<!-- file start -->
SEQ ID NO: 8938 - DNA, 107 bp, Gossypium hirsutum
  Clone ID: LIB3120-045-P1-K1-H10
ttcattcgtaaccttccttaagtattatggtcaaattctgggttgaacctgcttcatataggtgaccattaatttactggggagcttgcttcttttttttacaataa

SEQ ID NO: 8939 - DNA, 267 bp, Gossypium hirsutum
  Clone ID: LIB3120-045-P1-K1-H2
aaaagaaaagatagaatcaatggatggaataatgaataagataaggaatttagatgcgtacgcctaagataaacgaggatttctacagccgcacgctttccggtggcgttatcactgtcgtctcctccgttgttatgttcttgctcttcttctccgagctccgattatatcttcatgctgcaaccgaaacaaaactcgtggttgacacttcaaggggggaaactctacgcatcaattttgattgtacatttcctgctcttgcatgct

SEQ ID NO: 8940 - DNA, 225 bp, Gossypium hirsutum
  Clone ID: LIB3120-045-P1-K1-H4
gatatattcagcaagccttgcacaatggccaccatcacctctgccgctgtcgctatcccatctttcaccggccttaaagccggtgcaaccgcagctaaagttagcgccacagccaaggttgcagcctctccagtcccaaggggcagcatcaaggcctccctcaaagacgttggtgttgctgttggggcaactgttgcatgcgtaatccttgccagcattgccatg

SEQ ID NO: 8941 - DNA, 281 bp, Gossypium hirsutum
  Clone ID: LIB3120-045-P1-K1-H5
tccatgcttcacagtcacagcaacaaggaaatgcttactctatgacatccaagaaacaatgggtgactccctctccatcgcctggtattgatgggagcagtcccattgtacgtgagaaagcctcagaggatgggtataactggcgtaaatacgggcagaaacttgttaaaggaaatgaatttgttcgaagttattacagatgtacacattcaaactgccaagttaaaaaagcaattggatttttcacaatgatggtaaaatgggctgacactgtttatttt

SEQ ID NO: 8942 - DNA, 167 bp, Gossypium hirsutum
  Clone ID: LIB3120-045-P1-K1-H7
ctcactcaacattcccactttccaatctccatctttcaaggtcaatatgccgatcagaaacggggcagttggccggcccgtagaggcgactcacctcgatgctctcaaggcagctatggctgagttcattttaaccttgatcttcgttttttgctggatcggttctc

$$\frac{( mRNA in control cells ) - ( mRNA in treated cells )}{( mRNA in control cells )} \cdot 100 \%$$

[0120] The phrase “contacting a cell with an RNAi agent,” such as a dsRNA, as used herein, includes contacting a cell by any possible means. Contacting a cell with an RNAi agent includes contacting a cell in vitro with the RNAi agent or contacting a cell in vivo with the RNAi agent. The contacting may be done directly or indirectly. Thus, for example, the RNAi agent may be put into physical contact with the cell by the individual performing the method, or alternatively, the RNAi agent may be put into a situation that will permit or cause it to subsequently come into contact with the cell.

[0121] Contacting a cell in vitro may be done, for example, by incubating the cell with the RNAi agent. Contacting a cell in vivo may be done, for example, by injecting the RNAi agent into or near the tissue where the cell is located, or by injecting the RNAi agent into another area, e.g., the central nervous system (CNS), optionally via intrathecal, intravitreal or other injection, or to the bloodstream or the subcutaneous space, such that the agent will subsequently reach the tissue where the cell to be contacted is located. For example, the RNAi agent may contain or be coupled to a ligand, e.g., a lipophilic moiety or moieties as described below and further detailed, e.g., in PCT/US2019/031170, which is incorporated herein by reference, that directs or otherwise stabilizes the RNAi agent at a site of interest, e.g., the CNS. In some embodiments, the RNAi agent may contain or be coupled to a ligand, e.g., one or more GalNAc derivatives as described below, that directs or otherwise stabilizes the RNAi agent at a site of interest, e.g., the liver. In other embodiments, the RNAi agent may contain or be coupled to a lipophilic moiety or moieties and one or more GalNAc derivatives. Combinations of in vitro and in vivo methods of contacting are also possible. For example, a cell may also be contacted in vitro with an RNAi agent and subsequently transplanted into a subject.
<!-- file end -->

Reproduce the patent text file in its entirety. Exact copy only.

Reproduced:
SEQ ID NO: 8938 - DNA, 107 bp, Gossypium hirsutum
  Clone ID: LIB3120-045-P1-K1-H10
ttcattcgtaaccttccttaagtattatggtcaaattctgggttgaacctgcttcatataggtgaccattaatttactggggagcttgcttcttttttttacaataa

SEQ ID NO: 8939 - DNA, 267 bp, Gossypium hirsutum
  Clone ID: LIB3120-045-P1-K1-H2
aaaagaaaagatagaatcaatggatggaataatgaataagataaggaatttagatgcgtacgcctaagataaacgaggatttctacagccgcacgctttccggtggcgttatcactgtcgtctcctccgttgttatgttcttgctcttcttctccgagctccgattatatcttcatgctgcaaccgaaacaaaactcgtggttgacacttcaaggggggaaactctacgcatcaattttgattgtacatttcctgctcttgcatgct

SEQ ID NO: 8940 - DNA, 225 bp, Gossypium hirsutum
  Clone ID: LIB3120-045-P1-K1-H4
gatatattcagcaagccttgcacaatggccaccatcacctctgccgctgtcgctatcccatctttcaccggccttaaagccggtgcaaccgcagctaaagttagcgccacagccaaggttgcagcctctccagtcccaaggggcagcatcaaggcctccctcaaagacgttggtgttgctgttggggcaactgttgcatgcgtaatccttgccagcattgccatg

SEQ ID NO: 8941 - DNA, 281 bp, Gossypium hirsutum
  Clone ID: LIB3120-045-P1-K1-H5
tccatgcttcacagtcacagcaacaaggaaatgcttactctatgacatccaagaaacaatgggtgactccctctccatcgcctggtattgatgggagcagtcccattgtacgtgagaaagcctcagaggatgggtataactggcgtaaatacgggcagaaacttgttaaaggaaatgaatttgttcgaagttattacagatgtacacattcaaactgccaagttaaaaaagcaattggatttttcacaatgatggtaaaatgggctgacactgtttatttt

SEQ ID NO: 8942 - DNA, 167 bp, Gossypium hirsutum
  Clone ID: LIB3120-045-P1-K1-H7
ctcactcaacattcccactttccaatctccatctttcaaggtcaatatgccgatcagaaacggggcagttggccggcccgtagaggcgactcacctcgatgctctcaaggcagctatggctgagttcattttaaccttgatcttcgttttttgctggatcggttctc

$$\frac{( mRNA in control cells ) - ( mRNA in treated cells )}{( mRNA in control cells )} \cdot 100 \%$$

[0120] The phrase “contacting a cell with an RNAi agent,” such as a dsRNA, as used herein, includes contacting a cell by any possible means. Contacting a cell with an RNAi agent includes contacting a cell in vitro with the RNAi agent or contacting a cell in vivo with the RNAi agent. The contacting may be done directly or indirectly. Thus, for example, the RNAi agent may be put into physical contact with the cell by the individual performing the method, or alternatively, the RNAi agent may be put into a situation that will permit or cause it to subsequently come into contact with the cell.

[0121] Contacting a cell in vitro may be done, for example, by incubating the cell with the RNAi agent. Contacting a cell in vivo may be done, for example, by injecting the RNAi agent into or near the tissue where the cell is located, or by injecting the RNAi agent into another area, e.g., the central nervous system (CNS), optionally via intrathecal, intravitreal or other injection, or to the bloodstream or the subcutaneous space, such that the agent will subsequently reach the tissue where the cell to be contacted is located. For example, the RNAi agent may contain or be coupled to a ligand, e.g., a lipophilic moiety or moieties as described below and further detailed, e.g., in PCT/US2019/031170, which is incorporated herein by reference, that directs or otherwise stabilizes the RNAi agent at a site of interest, e.g., the CNS. In some embodiments, the RNAi agent may contain or be coupled to a ligand, e.g., one or more GalNAc derivatives as described below, that directs or otherwise stabilizes the RNAi agent at a site of interest, e.g., the liver. In other embodiments, the RNAi agent may contain or be coupled to a lipophilic moiety or moieties and one or more GalNAc derivatives. Combinations of in vitro and in vivo methods of contacting are also possible. For example, a cell may also be contacted in vitro with an RNAi agent and subsequently transplanted into a subject.